Tanya Wilson from the Economics Division of Stirling Management School has been awarded the 2016 Royal Economic Society prize for her paper Unemployment and Domestic Violence: Theory and Evidence. The Royal Economic Society prize was introduced in 1990 and is an annual prize awarded to the author of the best non-solicited paper published that year in The Economic Journal. A committee consisting of the RES President, a representative of The Economic Journal Editorial Board and one member of the Society Council, selects the winner.

Tanya, along with her co-authors Dan Anderberg, Helmut Rainer and Jonathan Wadsworth received their prize at the Royal Economic Society annual meeting in April.

“I am delighted that our paper has been honoured in this way”

Tanya explains the theory behind their paper.

Aside from the obvious physical and psychological harm suffered by the victims of domestic abuse, it also damages the economy. There is an annual estimated cost of £5.8 billion [1] placed on hospitals, police, the criminal justice system, schools and workplaces. It therefore makes sense to look at the ‘triggers’ of domestic violence from an economist’s point of view.

In public discussions there is a wide spread perception that incidences of domestic violence increase as levels of unemployment also rise. But the data shows that evidence for this perception is far from clear.


Figure 1 shows the pattern of unemployment rates for men and women in England and Wales over the period 2004-2011. Unemployment increased for both sexes at the start of the economic downturn in 2008, but more so for men. The rates for the two sexes have followed rather different patterns since then, levelling off for men after 2009, but continuing to rise for women.

Figure 1 – Unemployment


Figure 2 documents the incidence of all forms of reported domestic violence and physical abuse on women over the same period, using British Crime Survey (BCS) data. According to the BCS 6% of the female population of working age, around 560,000 women report some form of domestic abuse in any year.

Figure 2 – Physical Abuse


It is far from clear that the incidence of domestic violence rose after the economy went into recession. So rates of reported domestic violence fell in a period when unemployment was rising. What might explain these patterns?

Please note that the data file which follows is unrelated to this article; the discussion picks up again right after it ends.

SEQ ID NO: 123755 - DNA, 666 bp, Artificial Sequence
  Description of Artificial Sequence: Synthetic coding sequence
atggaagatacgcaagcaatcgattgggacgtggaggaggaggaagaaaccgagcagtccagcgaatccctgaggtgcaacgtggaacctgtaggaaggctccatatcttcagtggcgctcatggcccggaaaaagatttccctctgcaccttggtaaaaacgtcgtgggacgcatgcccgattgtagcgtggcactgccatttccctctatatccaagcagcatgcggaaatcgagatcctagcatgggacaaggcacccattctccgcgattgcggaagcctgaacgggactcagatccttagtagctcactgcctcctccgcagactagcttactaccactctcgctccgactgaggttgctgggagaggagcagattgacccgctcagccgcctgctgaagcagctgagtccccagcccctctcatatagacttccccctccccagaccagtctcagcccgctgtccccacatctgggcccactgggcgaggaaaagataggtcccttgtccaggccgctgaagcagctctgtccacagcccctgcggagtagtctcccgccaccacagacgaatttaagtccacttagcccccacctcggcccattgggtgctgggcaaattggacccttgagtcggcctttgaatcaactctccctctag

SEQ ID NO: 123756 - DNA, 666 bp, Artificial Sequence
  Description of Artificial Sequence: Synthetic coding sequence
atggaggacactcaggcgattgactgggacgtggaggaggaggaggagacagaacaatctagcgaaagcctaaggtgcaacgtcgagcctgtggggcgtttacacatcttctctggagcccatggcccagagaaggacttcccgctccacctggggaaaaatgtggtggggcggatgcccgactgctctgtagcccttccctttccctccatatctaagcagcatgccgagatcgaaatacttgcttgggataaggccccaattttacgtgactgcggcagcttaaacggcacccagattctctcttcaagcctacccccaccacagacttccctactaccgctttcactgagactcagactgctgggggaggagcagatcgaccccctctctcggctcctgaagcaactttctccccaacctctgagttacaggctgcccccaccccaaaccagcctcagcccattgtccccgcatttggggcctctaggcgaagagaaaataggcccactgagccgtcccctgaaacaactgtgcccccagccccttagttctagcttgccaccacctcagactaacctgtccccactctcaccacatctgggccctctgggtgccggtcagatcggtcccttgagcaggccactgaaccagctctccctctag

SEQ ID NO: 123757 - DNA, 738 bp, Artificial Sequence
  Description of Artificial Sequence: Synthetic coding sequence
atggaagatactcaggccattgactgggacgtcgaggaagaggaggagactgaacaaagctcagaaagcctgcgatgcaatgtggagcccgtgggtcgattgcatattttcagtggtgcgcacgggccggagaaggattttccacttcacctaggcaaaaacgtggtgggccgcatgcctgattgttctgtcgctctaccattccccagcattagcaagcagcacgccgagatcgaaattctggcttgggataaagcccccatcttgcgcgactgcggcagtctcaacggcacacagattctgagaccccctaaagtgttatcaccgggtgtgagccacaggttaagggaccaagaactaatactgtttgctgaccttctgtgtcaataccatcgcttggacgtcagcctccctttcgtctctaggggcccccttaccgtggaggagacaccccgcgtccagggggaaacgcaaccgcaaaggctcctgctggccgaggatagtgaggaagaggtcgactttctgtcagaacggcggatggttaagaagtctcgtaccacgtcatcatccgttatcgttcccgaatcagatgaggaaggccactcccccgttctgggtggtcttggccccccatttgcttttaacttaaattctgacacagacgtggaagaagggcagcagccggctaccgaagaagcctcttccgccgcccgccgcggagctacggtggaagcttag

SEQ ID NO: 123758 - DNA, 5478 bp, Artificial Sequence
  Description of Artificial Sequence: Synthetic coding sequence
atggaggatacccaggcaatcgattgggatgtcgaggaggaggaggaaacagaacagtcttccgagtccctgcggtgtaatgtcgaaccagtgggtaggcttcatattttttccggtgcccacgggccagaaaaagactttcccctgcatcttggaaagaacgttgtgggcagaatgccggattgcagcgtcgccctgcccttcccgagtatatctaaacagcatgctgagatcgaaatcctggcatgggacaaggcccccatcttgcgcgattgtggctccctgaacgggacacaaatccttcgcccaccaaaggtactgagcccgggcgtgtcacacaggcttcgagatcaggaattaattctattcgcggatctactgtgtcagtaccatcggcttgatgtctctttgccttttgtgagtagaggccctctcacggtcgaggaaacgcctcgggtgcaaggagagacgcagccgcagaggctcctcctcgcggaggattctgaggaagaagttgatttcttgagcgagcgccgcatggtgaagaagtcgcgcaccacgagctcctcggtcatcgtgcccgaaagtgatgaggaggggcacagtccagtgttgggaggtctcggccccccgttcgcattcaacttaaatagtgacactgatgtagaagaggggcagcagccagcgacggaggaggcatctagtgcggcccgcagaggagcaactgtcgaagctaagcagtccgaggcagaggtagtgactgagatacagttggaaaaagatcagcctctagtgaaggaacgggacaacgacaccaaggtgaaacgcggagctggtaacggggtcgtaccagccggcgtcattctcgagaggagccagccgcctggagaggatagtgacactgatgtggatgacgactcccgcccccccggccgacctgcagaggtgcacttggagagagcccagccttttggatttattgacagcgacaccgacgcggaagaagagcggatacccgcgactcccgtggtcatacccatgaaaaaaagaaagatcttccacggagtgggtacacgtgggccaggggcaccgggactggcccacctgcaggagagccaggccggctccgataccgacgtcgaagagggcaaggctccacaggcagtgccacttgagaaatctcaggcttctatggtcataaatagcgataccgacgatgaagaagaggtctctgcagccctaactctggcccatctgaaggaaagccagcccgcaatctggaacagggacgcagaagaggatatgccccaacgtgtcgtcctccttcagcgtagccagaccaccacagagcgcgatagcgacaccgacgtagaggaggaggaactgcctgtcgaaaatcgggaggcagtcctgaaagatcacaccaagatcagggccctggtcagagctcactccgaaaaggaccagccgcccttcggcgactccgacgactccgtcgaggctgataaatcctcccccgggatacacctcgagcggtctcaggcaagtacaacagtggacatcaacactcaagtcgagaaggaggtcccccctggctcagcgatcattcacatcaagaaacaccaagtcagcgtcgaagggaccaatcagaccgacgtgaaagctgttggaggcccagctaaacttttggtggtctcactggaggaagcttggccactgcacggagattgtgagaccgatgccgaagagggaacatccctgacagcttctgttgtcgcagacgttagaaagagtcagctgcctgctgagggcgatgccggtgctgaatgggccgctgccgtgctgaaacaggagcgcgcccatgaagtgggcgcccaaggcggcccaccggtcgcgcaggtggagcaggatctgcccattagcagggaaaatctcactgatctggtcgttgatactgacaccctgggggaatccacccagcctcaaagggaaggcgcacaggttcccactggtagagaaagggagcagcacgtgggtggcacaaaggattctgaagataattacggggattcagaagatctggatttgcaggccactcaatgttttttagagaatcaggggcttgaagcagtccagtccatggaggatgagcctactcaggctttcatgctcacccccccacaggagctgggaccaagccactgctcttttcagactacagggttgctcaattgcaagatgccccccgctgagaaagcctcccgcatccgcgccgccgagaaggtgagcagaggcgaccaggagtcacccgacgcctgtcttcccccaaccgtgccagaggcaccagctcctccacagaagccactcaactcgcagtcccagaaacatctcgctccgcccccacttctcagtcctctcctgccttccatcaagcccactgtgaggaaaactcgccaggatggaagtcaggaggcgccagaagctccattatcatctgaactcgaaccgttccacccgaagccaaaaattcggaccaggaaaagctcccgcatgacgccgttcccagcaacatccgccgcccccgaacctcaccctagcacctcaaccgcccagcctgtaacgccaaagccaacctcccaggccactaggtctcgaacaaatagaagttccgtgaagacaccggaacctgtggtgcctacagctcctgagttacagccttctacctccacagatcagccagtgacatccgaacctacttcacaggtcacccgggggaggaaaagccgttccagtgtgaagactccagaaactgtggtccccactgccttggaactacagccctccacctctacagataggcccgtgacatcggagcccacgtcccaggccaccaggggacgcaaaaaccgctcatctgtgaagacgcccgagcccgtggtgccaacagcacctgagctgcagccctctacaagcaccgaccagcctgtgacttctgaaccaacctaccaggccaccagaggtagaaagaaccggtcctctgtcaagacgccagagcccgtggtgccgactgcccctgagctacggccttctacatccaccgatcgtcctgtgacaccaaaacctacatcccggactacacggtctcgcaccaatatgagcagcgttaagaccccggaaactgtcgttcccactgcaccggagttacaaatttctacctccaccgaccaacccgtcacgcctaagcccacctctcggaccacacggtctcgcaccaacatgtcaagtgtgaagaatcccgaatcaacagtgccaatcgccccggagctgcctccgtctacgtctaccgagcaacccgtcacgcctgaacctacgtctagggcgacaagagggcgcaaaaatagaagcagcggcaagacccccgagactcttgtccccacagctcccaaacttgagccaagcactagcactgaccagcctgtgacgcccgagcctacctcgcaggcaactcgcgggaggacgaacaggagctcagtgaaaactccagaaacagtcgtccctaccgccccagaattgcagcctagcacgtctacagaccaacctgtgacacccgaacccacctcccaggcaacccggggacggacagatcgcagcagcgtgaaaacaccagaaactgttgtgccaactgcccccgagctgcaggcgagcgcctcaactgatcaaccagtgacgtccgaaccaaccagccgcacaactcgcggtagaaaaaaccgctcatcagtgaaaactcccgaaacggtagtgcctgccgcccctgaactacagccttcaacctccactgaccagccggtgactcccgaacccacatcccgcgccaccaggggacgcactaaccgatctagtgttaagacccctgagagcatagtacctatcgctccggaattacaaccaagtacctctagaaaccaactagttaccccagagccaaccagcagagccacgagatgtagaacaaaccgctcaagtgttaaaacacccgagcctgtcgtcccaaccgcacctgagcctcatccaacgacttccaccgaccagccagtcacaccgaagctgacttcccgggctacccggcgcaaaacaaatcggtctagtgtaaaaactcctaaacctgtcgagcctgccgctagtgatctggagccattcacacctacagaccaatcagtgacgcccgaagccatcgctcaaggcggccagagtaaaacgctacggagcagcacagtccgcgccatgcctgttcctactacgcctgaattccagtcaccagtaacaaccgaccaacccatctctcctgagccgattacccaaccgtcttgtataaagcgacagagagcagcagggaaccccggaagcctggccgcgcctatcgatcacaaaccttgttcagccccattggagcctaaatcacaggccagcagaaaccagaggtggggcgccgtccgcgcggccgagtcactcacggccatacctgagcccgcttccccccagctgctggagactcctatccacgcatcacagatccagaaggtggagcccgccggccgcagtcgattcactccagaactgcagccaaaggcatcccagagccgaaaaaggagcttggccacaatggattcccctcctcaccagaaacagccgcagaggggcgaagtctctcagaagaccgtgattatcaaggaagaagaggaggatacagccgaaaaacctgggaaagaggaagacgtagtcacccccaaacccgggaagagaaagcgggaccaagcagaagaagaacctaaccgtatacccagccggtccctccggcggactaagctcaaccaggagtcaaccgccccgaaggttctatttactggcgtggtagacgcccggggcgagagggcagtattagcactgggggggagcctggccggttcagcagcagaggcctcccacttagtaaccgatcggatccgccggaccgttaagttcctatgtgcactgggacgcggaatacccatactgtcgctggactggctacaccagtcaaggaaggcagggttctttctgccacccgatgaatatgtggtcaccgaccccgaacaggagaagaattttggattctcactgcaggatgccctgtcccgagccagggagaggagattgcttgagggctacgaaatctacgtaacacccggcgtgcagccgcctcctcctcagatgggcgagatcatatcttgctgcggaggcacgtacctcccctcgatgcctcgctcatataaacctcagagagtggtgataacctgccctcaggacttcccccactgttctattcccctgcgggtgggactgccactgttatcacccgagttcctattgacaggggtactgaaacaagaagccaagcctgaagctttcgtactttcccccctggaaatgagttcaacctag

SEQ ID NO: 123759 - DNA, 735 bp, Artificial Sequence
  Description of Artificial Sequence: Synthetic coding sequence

Economists tend to think of human relationships in terms of costs and benefits. Partnerships can convey economic benefits – such as possible gains from pooling resources – but they may also incur costs if the relationship is in trouble. Partnerships then break down if the costs are greater than the benefits.

Domestic violence can be seen in a similar way. Some people may perpetrate abuse if the costs of doing so are small and, sadly, some may endure some level of abuse if the costs of enduring it are perceived to be less than the alternative costs of ending the relationship.

Unemployment influences both the costs and benefits of partnerships. If unemployment is low, the chances of finding a job or keeping a job are high, and so the potential income gains from a partnership are raised. If unemployment is high, then the chances of losing a job are high, lowering the gains from a partnership.

But what if unemployment is unevenly distributed across men and women?

A higher risk of unemployment for men may act to deter violence in the home, since the contribution of the man to any partnership is reduced. If the man values the partnership, a higher risk of his own unemployment may reduce any abusive intentions.

For women, a higher risk of unemployment is also likely to reduce their chances of finding a job should the relationship break down, but it may, in certain cases, be associated with continuing in an abusive relationship.


Our theory predicts that high or rising unemployment among men will be associated with falls in domestic violence, while among women it will be associated with increases in domestic violence.

To test this theory, we use data from the BCS on individual experience of abuse combined with data on local area unemployment rates among men and women.

Each survey includes interviews with around 12,000 women of working age who are asked whether they have suffered any abuse over the past 12 months, ranging from being repeatedly belittled to having a weapon used against them. Self-reported incidences of abuse in surveys are less likely to suffer from lower recording rates in official statistics that might be prompted by women’s fear of the consequences of reporting domestic violence.

Our research found no evidence to support the hypothesis that domestic violence increases with overall unemployment in fact, male and female unemployment rates have opposite effects on domestic violence. Higher unemployment for women increases the risk of domestic abuse; higher unemployment for men reduces the risk.

From a policy perspective, it is therefore conceivable that measures designed to enhance women’s job security could be an important contributor to a reduction in domestic violence.

[1] The Cost of Domestic Violence: Update 2009